Today, there are young minds around the world who will be tomorrow's innovators. And that's because they are working tirelessly, right now, to gain knowledge in the STEM skills, science, technology, engineering, and math.

In the new book A Class Apart, the principal of one of the top high schools in the country says:

The problem we face now is that a lot of kids really don't want to go into the math and science fields because it is more difficult than some of the other subject areas. Kids don't want to take the tough subjects and struggle through them and parents don't want to see the kids struggle that hard.

Last month the College Board reported that SAT scores declined again in 2007, the second year in a row.

The United States now ranks seventeenth in the developed world in the percent of kids graduating from high school.

Over one third of our kids that start ninth grade do not finish high school.

We must find ways to keep these kids interested in learning.

In this information age challenges that require STEM skills will only increase in the years to come. And if American students aren't equipped to do the work, there are tens of millions of workers in Asia who will step in and take those jobs. And the next generation of American workers will become service workers.

Let me share a few numbers with you. In 2006 the United States had 1.3 million college graduates, India had 3.1 million, and China 3.3 million. In India 100% of those college graduates speak English.

If ever there was a time for us to act, it is now. We as leaders in business, government, education, and the community must redouble our efforts toward educating our kids.

The current generation of children is the most technology savvy generation that we have ever had.

I often say that today's kids are born with a cell phone in one hand and an i-Pod in the other.

They text message each other, send IM's to each other, use “My Space,” “You Tube,” and Google.

They play games on their Nintendos, Playstations … and X-boxes.

Yet when they come to school, they leave their world behind and enter a classroom with a teacher at a blackboard, teaching the same way as when you and I were in school.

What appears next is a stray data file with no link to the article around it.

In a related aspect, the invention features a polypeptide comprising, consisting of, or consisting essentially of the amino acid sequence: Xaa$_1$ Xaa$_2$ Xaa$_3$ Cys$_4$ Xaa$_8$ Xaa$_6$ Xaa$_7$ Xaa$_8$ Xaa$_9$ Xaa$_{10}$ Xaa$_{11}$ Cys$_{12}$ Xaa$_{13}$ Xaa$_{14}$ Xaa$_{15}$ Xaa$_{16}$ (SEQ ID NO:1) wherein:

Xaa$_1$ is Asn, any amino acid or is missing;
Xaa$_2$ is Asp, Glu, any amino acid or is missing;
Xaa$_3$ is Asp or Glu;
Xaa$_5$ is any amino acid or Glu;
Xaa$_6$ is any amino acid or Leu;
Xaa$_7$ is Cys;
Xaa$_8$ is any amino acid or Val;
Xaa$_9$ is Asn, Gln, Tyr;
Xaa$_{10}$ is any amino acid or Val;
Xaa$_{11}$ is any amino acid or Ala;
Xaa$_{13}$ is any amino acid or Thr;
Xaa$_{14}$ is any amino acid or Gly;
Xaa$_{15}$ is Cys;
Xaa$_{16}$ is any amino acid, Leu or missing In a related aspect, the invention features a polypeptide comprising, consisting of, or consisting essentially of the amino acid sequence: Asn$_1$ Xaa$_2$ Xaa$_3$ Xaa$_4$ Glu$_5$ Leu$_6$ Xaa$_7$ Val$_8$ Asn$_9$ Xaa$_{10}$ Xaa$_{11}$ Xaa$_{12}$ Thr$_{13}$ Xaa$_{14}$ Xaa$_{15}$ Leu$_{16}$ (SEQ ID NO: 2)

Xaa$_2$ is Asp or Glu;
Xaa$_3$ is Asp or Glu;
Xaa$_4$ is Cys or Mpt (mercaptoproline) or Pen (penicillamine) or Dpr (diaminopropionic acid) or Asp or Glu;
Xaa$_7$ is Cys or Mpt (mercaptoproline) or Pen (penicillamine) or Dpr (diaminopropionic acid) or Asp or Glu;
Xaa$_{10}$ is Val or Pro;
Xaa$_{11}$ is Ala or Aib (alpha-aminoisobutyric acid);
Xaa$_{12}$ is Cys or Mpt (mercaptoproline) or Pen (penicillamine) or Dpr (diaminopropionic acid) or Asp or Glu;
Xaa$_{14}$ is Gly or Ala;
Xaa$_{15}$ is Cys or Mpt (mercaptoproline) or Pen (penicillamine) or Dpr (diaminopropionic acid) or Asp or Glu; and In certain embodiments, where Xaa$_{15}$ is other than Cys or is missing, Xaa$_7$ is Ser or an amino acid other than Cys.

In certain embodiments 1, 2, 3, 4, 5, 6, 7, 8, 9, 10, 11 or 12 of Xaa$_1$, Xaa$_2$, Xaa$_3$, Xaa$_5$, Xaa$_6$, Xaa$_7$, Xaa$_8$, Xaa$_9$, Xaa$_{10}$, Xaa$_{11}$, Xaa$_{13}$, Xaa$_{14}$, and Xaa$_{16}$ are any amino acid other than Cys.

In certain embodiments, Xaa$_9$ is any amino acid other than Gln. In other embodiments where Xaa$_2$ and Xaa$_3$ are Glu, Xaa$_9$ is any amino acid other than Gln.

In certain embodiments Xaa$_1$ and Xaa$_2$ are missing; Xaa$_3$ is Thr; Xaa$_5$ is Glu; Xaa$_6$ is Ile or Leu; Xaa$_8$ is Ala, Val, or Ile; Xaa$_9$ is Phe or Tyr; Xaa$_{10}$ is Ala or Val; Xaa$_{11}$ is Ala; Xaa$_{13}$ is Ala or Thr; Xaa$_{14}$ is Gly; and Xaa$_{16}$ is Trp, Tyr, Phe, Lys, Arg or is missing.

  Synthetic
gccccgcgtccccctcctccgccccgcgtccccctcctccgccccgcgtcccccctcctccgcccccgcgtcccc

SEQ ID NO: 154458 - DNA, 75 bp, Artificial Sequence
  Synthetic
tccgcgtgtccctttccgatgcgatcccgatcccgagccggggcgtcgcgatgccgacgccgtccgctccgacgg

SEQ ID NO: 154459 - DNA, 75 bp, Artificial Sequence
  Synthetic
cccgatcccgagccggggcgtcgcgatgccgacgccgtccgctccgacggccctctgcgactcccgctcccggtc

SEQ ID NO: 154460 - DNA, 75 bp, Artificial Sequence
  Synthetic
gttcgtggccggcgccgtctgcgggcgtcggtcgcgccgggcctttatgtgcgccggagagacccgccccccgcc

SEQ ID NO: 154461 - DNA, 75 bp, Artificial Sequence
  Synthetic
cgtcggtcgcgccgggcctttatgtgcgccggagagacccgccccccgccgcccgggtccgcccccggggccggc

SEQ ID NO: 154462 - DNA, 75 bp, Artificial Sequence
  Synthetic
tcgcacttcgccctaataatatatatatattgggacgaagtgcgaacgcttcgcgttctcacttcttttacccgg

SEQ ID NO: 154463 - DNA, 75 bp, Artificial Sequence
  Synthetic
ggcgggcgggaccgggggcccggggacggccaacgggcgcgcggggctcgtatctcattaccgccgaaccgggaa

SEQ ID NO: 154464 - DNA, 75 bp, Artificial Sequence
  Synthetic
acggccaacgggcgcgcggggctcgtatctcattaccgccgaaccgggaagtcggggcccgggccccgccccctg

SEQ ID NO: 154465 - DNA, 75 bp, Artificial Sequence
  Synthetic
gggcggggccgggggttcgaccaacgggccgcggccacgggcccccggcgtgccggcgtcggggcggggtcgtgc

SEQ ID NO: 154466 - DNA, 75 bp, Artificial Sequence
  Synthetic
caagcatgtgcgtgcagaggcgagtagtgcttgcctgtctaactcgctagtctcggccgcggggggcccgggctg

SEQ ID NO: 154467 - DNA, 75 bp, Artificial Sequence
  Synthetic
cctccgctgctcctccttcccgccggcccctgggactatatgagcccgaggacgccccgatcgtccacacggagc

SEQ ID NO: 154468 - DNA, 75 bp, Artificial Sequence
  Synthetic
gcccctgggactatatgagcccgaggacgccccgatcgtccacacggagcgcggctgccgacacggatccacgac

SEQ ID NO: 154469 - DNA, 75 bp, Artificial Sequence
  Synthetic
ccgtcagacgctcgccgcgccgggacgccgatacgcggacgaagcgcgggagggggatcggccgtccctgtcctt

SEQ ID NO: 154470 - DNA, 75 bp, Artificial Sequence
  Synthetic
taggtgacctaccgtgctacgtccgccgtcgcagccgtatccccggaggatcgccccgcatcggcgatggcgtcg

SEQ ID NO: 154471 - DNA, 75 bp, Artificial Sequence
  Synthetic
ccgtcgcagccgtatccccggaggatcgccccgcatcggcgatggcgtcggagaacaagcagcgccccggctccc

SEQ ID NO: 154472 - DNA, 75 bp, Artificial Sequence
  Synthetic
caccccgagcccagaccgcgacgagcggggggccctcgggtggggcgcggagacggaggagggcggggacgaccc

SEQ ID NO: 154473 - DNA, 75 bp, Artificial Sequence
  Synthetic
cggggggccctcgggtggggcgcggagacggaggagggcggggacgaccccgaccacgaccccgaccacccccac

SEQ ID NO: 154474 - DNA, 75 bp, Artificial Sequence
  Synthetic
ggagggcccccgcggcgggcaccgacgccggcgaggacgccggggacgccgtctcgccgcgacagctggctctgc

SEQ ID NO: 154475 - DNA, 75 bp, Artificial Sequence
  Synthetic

Education has not changed, but this new generation of kids has, and they are bored, and they are dropping out.

We need to adapt our educational system to this new generation of kids.

When Cary Academy was founded over 10 years ago, we made technology an integral part of the process, with a computer for every child. And SAS helped by developing curriculum material that could be used in the classroom. The kids there are excited. They all graduate and go on to college.

Fortunately, North Carolina is beginning to make some progress in this area. The legislature, Governor Easley, and The Golden Leaf Foundation have provided funding to purchase laptop computers one-on-one for eight pilot high schools this year. Hunt High School in Wilson County is already up and running. The rest will come online later this year.

So North Carolina is beginning to understand the huge competitive challenge we face from Asia and we are moving on this initiative.

Before I came here tonight I looked at the list of people you have named Citizen of the World in previous years. I am honored to be in their company. And like them I see the incredible potential of our great state and of the people who call North Carolina home.

I look forward to working with you to keep North Carolina strong, competitive, and safe for many generations to come. Thank you ….

Dr. Goodnight is CEO of SAS, the world's leading business intelligence software vendor. SAS is also one of the world's largest privately owned software companies. He and his company have been profiled on "60 Minutes," and SAS makes most of the "Best Places to Work" lists. Goodnight is a member of the Business Roundtable and participates actively in the World Economic Forum. In 2004 Harvard named him one of the "20th Century's Great American Business Leaders.”